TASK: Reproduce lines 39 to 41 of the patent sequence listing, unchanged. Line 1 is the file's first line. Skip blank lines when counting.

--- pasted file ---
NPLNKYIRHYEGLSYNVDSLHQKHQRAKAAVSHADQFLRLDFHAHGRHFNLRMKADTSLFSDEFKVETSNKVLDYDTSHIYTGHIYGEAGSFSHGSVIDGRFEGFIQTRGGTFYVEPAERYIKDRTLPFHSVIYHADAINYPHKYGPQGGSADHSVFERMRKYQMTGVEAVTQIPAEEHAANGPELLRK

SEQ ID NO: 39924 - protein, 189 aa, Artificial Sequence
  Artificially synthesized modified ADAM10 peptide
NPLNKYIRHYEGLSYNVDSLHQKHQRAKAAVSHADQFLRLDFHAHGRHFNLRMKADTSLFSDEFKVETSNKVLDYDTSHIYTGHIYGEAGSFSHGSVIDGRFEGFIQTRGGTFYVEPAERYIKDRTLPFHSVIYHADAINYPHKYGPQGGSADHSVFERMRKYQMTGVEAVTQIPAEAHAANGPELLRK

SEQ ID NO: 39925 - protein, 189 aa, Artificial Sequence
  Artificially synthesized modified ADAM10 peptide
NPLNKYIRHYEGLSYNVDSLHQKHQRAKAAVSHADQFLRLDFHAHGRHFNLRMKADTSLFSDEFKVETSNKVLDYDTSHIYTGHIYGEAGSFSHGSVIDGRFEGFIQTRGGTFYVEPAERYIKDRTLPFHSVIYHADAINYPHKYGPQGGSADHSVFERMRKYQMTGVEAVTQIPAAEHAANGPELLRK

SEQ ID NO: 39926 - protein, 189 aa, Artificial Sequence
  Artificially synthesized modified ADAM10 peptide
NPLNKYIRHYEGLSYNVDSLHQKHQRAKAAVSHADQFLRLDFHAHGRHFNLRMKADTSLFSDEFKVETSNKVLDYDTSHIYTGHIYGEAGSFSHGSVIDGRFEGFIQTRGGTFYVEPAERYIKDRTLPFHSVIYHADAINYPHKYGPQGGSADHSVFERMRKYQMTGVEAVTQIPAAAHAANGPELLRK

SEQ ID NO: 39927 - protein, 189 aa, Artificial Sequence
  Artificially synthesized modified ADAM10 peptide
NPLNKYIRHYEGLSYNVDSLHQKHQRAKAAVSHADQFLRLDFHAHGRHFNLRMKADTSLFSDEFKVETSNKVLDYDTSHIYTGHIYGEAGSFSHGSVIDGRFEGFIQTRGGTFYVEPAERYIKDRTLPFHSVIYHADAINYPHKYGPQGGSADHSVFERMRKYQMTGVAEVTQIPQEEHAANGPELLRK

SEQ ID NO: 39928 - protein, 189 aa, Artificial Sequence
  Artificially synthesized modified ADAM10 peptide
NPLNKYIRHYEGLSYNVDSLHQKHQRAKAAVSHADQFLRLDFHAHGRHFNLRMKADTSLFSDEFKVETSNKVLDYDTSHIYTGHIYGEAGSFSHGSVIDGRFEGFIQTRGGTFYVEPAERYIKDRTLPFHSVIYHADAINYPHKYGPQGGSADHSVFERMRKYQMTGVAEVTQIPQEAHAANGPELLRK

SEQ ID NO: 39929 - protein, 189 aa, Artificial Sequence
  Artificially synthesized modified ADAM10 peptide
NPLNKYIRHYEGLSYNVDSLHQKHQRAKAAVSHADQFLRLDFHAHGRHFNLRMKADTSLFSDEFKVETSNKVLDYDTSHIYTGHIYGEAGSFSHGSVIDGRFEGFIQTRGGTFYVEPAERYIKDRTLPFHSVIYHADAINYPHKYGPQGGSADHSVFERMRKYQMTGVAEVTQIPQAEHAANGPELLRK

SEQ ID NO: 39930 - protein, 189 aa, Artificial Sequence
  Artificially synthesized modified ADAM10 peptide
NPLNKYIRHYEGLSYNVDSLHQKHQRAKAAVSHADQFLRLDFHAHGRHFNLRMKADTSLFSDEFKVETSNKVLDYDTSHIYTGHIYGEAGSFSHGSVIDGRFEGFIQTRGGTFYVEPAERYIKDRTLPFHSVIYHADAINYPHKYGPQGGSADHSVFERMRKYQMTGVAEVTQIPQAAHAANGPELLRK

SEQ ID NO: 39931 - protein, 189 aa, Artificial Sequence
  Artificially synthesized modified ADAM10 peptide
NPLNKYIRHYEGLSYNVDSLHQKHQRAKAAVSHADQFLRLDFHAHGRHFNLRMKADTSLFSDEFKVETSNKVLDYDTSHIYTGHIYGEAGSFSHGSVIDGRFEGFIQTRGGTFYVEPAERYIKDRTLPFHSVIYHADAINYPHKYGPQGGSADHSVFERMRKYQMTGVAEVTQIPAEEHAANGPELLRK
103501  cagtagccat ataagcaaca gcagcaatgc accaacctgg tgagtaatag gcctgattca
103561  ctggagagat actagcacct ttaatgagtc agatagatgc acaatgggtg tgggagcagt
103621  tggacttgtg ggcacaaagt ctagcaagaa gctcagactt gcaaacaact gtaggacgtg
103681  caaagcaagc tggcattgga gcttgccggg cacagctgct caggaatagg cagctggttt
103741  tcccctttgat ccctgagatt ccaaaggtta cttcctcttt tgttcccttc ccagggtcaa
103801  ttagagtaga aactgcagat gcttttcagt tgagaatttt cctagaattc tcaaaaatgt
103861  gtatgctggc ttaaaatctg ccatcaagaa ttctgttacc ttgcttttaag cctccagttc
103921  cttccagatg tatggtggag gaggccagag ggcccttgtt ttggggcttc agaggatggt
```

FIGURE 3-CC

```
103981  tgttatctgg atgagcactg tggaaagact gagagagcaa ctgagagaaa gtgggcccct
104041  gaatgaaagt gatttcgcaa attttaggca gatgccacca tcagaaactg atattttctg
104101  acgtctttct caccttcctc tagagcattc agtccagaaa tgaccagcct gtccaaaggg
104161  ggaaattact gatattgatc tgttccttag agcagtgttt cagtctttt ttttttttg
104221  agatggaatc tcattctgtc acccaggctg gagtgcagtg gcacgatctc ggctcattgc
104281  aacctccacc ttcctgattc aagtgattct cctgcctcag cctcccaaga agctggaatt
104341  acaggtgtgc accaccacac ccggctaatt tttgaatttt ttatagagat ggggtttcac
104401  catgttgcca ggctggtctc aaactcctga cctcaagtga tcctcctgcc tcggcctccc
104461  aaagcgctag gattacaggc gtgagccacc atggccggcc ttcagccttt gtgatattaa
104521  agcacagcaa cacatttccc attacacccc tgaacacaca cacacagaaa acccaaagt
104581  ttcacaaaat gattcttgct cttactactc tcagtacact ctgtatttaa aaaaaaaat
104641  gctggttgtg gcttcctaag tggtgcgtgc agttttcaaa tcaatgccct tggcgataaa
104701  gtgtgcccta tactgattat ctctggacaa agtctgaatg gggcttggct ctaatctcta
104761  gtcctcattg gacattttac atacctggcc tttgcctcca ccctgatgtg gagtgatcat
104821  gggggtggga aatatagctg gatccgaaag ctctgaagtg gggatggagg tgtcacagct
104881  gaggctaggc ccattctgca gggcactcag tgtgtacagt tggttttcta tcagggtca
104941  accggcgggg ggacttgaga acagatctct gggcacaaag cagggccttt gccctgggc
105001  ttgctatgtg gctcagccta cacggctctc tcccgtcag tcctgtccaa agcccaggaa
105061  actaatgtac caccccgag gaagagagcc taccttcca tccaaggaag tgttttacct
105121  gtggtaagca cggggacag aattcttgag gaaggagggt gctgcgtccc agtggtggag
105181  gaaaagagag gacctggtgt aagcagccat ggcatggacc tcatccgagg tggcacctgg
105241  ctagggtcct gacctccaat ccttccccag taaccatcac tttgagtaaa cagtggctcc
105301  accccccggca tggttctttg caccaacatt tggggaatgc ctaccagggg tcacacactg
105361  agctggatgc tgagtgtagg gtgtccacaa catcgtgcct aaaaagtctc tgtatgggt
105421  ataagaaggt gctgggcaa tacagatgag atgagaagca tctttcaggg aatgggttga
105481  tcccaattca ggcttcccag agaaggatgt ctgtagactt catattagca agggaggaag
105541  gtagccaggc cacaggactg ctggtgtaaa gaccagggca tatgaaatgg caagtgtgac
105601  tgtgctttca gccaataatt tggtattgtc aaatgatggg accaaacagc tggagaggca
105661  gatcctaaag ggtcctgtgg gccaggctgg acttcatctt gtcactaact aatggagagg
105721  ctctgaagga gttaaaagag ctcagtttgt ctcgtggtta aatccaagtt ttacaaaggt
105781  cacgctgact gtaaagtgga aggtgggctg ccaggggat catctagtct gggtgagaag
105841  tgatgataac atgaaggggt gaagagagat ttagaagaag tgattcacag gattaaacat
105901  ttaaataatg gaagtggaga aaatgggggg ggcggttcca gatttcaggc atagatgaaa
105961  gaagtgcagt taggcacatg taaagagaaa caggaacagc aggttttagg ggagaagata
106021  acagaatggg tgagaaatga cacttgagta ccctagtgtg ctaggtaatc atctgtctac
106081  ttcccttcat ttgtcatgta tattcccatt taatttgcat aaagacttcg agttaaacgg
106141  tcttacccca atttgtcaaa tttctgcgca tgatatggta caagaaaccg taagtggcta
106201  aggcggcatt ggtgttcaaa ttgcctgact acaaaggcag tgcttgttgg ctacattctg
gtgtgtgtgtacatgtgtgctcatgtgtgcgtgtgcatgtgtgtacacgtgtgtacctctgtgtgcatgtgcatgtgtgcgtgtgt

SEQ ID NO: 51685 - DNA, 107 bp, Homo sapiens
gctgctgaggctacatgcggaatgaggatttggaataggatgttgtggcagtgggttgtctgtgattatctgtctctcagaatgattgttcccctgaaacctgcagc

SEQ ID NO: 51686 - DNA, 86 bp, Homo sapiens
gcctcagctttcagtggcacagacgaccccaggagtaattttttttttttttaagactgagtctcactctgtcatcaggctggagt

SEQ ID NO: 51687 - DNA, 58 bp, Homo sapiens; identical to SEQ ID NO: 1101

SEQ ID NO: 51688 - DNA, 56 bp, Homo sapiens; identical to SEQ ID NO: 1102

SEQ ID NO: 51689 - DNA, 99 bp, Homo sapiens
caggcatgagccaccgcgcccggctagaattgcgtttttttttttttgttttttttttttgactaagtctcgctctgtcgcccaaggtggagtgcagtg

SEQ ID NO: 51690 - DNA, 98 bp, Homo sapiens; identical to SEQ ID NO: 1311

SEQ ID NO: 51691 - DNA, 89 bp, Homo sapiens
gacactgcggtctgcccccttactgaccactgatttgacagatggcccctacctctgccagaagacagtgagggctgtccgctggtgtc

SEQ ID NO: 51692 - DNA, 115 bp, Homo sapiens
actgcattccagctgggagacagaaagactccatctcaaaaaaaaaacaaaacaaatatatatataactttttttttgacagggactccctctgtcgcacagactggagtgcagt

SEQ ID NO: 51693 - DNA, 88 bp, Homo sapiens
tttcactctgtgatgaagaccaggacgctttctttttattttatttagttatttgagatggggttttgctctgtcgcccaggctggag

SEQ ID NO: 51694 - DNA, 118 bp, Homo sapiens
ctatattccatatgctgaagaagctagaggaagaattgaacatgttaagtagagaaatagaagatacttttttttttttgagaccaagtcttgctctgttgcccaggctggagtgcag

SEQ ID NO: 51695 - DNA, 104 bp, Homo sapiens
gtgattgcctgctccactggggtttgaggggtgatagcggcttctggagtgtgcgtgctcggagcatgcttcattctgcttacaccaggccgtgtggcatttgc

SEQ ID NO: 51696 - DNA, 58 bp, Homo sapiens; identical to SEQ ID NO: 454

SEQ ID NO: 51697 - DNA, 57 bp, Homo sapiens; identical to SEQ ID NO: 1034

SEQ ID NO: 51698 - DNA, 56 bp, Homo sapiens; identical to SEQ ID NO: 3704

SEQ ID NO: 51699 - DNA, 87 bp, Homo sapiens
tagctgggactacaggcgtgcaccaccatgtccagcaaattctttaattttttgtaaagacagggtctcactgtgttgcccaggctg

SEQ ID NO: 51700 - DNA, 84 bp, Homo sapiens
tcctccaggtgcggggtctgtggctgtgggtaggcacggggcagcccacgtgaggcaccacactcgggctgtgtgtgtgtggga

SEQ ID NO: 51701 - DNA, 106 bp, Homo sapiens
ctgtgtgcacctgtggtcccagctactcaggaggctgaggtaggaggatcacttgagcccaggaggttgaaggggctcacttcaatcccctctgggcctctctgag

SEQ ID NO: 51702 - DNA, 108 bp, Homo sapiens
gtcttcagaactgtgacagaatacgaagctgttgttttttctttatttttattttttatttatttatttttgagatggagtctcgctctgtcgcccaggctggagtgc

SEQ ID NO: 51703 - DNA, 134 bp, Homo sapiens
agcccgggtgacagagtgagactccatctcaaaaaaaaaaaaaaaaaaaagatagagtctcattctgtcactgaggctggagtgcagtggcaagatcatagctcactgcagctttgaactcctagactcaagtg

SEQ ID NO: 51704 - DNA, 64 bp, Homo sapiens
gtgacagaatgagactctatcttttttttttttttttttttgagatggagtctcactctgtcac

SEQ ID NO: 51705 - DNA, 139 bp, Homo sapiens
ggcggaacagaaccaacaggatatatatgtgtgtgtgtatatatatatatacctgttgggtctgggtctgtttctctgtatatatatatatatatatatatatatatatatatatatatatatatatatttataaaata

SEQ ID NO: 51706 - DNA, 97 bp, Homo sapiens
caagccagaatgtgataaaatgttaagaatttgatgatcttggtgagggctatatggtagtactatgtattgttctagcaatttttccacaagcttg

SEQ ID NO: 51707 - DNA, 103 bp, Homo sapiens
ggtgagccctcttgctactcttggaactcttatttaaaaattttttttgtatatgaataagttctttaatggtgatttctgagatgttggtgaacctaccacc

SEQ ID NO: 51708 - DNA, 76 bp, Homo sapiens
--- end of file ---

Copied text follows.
104101  acgtctttct caccttcctc tagagcattc agtccagaaa tgaccagcct gtccaaaggg
104161  ggaaattact gatattgatc tgttccttag agcagtgttt cagtctttt ttttttttg
104221  agatggaatc tcattctgtc acccaggctg gagtgcagtg gcacgatctc ggctcattgc